4810 Collection

The Montblanc 4810 is a somewhat sportier collection, named after the height of Mont Blanc itself. Interestingly, for a watch with Arabic numerals in the name, the entire lineup is currently in Roman numerals.

This 42mm Montblanc 4810 Date Automatic is a very versatile watch, somewhere between a sports watch and a dress watch. It has a textured dial, based on the shape of the Montblanc logo, and an extra large date window at 6:00 for added visual intrigue.

A similar design can also be found in the Montblanc 4810 Day-Date, which is, oddly enough, slightly smaller than the date-only model at 40.5mm.

A larger version, 43mm, can be had if you like chronographs as well, with the Montblanc 4810 Chronograph Automatic. Interestingly, they keep the large date window at 6:00, which integrates nicely with the shape of the subdial.

Here's another version is the 4810 Dual-Time, in 42mm. As you might have guessed, it has a dual-time complication, as well as date and day/night complications.

The 4810 Orbis Terrarum is one of the most noteworthy watches in Montblanc's entire portfolio. This fascinating and beautiful 43mm watch has an in-house complication showing the rotation of the earth, but what really sets it apart is that day and night are separated underneath the dial by another disk. It's hard to explain in words, but well worth a look if you get a chance to see one in person.

As is often the case with Montblanc's collections, it's topped by a tourbillon, in this case, the 42mm 4810 Exo Tourbillon Slim. I love how the dial is removed to reveal the mainplate, and it's one of only a few tourbillons that can hack. It's even automatic, powered by a micro-rotor.

Tradition Collection

The Tradition Collection is probably the most understated and dressiest line of watches that Montblanc makes. Click here to see them all.

The Tradition Collection starts out, humbly enough, with the 40mm quartz Tradition Date.

It's followed up with the stylistically similar Tradition Date Automatic, which, of course, lacks the quartz movement. It's available in many different varieties, in either 32mm and 40mm cases.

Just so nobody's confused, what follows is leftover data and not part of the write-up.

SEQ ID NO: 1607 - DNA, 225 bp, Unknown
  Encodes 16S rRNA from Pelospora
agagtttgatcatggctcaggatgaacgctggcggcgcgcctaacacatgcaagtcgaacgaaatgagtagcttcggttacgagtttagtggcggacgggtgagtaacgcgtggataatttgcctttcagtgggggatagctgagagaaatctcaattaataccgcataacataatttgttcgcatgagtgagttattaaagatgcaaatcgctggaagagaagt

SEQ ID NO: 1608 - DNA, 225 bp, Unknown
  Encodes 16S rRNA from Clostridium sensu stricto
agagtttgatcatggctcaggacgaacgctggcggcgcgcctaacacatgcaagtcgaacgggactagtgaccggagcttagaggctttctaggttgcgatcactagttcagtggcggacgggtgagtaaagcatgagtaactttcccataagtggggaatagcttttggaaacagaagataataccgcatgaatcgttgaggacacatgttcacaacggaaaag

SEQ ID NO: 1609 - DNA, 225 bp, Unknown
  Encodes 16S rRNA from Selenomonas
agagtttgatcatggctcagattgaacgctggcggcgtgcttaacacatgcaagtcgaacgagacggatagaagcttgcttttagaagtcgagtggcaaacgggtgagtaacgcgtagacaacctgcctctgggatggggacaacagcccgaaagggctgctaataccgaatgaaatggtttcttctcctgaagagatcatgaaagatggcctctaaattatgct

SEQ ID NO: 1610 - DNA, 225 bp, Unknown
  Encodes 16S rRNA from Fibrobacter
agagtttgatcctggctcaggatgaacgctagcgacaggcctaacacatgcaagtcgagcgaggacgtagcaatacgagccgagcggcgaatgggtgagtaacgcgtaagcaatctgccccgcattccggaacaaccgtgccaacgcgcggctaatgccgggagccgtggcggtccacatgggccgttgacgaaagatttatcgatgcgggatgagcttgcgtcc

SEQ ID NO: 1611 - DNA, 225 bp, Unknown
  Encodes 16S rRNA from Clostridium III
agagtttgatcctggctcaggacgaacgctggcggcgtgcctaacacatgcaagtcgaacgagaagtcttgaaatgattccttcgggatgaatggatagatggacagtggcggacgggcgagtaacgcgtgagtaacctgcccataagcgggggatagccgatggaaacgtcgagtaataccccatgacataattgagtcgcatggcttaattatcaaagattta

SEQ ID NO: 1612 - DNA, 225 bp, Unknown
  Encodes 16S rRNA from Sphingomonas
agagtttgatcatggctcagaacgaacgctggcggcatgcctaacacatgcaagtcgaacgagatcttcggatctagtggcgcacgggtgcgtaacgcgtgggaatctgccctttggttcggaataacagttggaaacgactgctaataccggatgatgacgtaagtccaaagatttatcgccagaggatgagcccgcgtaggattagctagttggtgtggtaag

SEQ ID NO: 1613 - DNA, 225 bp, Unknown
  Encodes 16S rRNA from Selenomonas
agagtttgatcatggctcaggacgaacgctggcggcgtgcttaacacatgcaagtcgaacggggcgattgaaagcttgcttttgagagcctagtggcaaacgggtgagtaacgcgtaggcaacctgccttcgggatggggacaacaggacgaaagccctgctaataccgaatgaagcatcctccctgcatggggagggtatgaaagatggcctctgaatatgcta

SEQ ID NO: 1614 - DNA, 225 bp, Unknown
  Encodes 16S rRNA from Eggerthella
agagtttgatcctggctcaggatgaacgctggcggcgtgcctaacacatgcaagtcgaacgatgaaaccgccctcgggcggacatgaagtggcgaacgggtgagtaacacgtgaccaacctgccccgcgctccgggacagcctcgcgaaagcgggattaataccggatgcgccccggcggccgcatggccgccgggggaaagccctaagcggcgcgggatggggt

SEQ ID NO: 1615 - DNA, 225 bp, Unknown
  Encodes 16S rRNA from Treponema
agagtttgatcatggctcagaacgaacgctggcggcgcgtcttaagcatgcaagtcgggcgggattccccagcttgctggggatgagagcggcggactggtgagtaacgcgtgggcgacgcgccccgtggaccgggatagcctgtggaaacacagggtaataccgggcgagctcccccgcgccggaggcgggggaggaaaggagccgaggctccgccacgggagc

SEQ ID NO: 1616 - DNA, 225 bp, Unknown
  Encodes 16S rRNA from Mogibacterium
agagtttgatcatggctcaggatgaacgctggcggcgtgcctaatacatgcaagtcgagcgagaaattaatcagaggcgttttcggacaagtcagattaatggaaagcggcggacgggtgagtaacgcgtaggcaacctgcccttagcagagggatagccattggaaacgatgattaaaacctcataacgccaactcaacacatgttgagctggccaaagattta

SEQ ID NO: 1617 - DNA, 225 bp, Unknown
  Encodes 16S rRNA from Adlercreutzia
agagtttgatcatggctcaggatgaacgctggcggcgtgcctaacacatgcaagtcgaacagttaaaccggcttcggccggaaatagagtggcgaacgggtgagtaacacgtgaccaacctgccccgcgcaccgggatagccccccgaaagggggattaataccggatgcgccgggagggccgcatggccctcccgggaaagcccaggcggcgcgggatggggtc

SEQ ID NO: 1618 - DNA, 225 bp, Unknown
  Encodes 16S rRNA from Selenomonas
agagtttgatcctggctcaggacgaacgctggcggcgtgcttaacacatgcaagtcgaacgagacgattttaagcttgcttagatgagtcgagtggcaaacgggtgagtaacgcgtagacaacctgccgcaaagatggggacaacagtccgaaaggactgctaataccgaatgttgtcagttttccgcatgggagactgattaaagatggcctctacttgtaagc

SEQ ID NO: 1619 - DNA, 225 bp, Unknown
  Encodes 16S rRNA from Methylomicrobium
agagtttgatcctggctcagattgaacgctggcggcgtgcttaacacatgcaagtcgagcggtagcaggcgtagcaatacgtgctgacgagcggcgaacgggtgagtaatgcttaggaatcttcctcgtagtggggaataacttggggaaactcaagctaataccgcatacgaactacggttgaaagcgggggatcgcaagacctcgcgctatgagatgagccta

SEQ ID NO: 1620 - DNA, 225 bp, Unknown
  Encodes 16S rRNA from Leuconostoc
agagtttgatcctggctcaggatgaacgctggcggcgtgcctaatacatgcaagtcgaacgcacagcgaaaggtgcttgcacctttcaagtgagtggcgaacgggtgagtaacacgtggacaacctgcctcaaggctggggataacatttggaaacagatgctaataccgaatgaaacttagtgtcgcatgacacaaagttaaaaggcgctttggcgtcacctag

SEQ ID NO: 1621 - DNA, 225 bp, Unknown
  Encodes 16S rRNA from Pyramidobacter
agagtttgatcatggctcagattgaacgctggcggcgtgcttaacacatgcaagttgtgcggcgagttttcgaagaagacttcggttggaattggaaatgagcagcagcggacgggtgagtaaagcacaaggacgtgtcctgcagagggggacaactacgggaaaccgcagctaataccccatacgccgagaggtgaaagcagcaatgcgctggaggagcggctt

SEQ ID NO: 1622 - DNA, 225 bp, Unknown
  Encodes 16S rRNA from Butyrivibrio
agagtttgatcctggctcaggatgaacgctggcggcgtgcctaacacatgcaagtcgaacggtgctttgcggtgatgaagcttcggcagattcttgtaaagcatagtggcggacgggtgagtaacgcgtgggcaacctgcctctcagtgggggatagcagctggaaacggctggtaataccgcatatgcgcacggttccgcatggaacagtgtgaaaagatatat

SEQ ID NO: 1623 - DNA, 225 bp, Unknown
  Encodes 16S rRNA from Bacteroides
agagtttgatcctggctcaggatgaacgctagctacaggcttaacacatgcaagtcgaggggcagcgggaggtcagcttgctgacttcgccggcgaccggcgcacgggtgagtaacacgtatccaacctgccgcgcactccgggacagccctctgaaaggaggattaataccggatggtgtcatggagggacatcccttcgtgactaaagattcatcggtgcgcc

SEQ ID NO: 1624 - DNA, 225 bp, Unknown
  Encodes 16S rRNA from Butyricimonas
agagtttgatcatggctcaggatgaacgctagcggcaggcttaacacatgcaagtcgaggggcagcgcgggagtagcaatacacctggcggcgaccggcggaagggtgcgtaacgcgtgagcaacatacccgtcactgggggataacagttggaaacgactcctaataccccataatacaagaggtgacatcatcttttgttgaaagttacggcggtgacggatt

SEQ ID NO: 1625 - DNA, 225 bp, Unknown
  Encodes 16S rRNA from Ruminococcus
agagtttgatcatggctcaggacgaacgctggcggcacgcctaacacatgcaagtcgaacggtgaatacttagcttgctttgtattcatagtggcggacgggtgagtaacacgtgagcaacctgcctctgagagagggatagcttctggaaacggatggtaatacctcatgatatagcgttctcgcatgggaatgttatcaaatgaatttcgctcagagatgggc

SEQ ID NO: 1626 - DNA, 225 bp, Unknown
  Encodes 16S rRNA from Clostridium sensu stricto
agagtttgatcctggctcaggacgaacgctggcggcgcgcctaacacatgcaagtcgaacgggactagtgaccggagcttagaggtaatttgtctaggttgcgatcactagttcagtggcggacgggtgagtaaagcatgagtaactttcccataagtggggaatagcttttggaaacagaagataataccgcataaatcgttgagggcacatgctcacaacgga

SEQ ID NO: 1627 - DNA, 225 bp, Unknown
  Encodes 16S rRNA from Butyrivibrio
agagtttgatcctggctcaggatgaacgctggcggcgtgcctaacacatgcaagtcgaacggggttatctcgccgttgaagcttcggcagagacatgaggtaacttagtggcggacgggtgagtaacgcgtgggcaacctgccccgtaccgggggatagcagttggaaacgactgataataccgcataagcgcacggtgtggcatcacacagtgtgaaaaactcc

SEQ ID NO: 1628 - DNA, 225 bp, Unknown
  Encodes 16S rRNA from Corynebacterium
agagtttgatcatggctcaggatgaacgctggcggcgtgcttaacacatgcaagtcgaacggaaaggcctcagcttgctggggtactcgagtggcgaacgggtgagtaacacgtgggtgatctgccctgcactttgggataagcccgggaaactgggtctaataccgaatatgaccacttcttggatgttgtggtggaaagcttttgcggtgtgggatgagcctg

The closest thing to a sports watch you can get in the Tradition collection is this, the aptly-named Tradition Chronograph. This 42mm watch is available only with a quartz movement, although that ends up making it relatively affordable.

Heritage Spirit Collection

The Heritage Spirit line of Montblanc watches is a series of dressy watches, made almost exclusively with sunburst dials and Roman numerals, and it even includes a couple of perpetual calendars. Click here to see every Heritage Spirit model.

The first we'll look at are the Montblanc Heritage Spirit Perpetual Calendars, both of which are in a surprisingly reasonable size of 39mm. These are probably my favorite from this collection.

The Heritage Spirit collection also has its version of the Orbis Terrarum, with some subtle differences. In this version, the case is slightly smaller at 41mm, and the dial is substantially less colorful. I think I like the smaller size of this model more, but I prefer the more colorful dial of the 4810 version.

The Heritage Spirit Moonphase, also in 39mm, looks great, with a classic pointer date and moon phase combination.

The Heritage Spirit Automatic is available in either 39mm or 41mm, and is a great old-school dress watch.

Heritage Chronométrie

As you might have guessed from the name, the Heritage Chronométrie is similar to the Heritage Spirit, with dressy sunburst dials, but it has a couple of important differences. For one thing, it prefers Arabic numerals to Roman, but for another, there's a much wider variety of complications available. Click here to see every watch in this beautiful collection.

We'll start with the 44mm Montblanc Heritage Chronométrie Exo Tourbillon Minute Chronograph, one of the most complicated watches Montblanc offers. Combining a tourbillon and a chronograph is no small feat, and I love that the chronograph's layout seems to be borrowed from Montblanc's beautiful Nicolas Rieussec.

A particularly fetching model is the Heritage Chronométrie Chronograph Annual Calendar. In addition to those complications, it also features a nice moon phase indicator. The price, at least for the steel model, is surprisingly reasonable for a chronograph and annual calendar combination, at $9,700 at the time of this writing.

The Montblanc Heritage Chronométrie Automatic is definitely the most versatile watch in the Heritage Chronométrie collection. It's plenty dressy, with a sunburst dial and small applied Arabic numerals, but it still has the practicality of a date complication. There's also quite a lot of variety for this model, in both 38mm and 40mm case sizes.